The heat is already on for most of us in the southern half of the country, and where did spring go? Being prepared for the early blaze of warm weather often means cranking up the central air, adding refrigerant to our vehicle’s air conditioner systems, and stocking up on sunscreen. When it comes to pets and their owners, summer pet safety is at the top of our list.
While there’s nothing quite as fun as frolicking outside with Fido or lounging poolside with Fluffy, recognizing common mistakes that pet owners make is key to keeping our furry friends safe this summer. At Leon Valley, we’re happy to offer the following summer pet safety tips.
5 Summer Pet Safety Reminders
- You can never have enough water. Whether heading down the highway on a road trip or going for a walk in the park, it’s important to carry plenty of water. Dehydration can occur quickly, even when temperatures are moderate, and especially if you and your pet are doing something active, like hiking or running. Even if you have a new car, flat tires and other problems can occur, so plan ahead by keeping a gallon or more of water in your vehicle. You may not need it, but consider the emergencies that can ensue without it.
- Humidity matters. Although we often focus on ambient temperatures, the humidity index plays a big role in how hot it actually feels. Humidity is also dangerous for pets since this moisture makes it more difficult for them to cool off (pets pant in order to release moisture, thereby acting as their cooling system). On humid days, plan on going for walks early in the morning or after the sun has set, and give special attention to dogs with breathing difficulties, such as brachycephalic pets.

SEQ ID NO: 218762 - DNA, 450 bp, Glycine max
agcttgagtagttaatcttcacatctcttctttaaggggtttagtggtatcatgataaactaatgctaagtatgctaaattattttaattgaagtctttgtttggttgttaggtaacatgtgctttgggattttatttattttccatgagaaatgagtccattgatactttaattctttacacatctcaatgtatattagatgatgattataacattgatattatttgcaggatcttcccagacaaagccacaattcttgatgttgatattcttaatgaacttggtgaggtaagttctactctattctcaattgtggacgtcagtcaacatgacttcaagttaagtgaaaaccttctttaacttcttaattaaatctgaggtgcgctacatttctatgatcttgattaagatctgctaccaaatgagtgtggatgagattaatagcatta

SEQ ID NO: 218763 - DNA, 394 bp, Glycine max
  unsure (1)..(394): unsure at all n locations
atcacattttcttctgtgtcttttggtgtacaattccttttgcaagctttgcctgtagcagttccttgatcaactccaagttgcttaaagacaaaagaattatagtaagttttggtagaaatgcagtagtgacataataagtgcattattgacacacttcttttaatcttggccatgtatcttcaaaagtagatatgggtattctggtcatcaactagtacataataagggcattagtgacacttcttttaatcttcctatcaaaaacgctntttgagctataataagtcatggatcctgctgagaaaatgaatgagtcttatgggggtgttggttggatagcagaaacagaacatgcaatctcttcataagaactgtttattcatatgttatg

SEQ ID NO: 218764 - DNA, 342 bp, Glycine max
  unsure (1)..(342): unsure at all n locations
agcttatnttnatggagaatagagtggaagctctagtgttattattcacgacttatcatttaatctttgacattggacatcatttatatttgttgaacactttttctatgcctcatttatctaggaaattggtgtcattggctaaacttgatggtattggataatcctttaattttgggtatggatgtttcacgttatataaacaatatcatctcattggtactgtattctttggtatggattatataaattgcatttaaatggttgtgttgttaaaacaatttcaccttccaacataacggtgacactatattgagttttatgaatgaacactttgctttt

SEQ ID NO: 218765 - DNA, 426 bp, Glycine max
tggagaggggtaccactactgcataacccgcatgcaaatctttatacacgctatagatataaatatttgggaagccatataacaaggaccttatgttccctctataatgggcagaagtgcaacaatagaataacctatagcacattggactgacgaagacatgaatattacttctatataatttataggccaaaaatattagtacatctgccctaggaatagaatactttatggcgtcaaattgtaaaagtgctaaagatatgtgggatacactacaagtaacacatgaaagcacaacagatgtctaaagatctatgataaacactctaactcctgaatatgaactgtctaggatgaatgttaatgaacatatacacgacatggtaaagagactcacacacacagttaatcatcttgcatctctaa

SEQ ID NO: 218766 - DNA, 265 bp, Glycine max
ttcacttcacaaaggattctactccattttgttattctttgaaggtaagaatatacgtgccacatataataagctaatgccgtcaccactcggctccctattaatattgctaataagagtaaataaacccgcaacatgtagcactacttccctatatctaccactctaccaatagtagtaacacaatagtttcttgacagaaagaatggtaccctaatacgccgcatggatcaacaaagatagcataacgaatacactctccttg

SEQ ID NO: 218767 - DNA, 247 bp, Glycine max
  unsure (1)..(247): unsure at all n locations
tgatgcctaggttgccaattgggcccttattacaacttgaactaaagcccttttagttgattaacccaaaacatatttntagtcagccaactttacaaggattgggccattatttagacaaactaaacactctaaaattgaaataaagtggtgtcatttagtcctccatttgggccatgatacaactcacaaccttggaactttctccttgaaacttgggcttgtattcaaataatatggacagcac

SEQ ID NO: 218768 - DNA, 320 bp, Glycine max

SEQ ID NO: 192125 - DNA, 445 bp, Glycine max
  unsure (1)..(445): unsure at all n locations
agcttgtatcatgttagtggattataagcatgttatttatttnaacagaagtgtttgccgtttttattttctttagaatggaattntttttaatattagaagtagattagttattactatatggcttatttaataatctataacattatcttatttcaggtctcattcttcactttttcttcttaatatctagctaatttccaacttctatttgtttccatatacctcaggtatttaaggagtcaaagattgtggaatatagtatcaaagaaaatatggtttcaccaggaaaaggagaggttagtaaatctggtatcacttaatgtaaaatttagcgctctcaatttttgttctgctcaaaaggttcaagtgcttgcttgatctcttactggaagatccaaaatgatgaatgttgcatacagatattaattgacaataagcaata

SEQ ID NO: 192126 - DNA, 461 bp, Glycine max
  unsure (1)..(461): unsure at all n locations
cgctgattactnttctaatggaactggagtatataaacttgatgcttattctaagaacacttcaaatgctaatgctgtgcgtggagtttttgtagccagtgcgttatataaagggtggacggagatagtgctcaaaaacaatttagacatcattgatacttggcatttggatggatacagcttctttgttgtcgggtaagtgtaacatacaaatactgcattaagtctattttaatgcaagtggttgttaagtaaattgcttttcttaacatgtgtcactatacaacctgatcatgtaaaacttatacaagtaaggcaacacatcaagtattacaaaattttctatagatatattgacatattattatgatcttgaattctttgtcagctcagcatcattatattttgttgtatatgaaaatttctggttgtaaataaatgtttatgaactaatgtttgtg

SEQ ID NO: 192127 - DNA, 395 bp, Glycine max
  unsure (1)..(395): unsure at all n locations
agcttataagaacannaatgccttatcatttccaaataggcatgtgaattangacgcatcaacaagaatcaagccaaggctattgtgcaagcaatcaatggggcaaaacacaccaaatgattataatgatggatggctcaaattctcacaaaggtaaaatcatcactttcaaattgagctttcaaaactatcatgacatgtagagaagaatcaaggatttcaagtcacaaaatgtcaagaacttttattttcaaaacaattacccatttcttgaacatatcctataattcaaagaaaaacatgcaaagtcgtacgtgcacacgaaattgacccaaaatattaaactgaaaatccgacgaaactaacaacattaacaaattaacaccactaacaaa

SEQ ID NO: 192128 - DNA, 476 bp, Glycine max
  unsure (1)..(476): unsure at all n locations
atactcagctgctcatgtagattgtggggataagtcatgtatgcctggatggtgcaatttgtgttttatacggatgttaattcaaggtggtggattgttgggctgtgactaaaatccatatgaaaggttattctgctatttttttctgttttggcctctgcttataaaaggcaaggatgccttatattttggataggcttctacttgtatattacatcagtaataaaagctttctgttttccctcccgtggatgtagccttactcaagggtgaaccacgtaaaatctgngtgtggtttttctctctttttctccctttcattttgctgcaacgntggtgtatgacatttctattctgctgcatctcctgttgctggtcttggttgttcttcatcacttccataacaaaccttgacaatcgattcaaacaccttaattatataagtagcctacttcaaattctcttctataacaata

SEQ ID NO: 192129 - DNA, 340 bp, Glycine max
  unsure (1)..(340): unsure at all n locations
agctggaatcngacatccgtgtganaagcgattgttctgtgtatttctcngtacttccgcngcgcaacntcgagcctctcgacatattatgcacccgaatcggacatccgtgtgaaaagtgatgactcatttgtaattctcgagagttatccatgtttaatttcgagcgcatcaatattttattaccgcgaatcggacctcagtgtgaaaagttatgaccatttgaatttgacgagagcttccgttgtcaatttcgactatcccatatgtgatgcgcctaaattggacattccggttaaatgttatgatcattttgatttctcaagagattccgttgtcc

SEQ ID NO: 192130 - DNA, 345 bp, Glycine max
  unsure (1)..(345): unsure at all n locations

- Ouch! Surface temps can be dangerous. Does the concrete feel hot, hot, hot to you? Then assume the same is true for your pet’s sensitive paws. Sand, packed dirt, asphalt, concrete, and wood decks can all turn into scorchers on days with over 90 degree temps. Before you allow your pet to risk getting burned, place your hand palm-side down on these surfaces. If it’s uncomfortable or hot, wait until a cooler time of day to enjoy the fresh air with your fur pal. We also recommend booties for added paw protection.
- Keep them cool. Even with indoor access, pets need the same level of temperature control as we do to stay comfortable. When you’re away from home, be sure to use the air conditioning for your pet or at least provide fans and shade. Sun shades over windows can help keep the interior cool without cranking up your air, too. And don’t forget to leave plenty of fresh water!
- Make friends with early mornings. Just because it’s hot out doesn’t mean you need to sit on the couch with your pet all summer long. Set your alarm for sunrise, and enjoy a stroll to the park or a game in the backyard. If the temperatures are still too warm for your four-legged friend, invest in some new toys, games, food puzzles, or other indoor activities for mental and physical enrichment.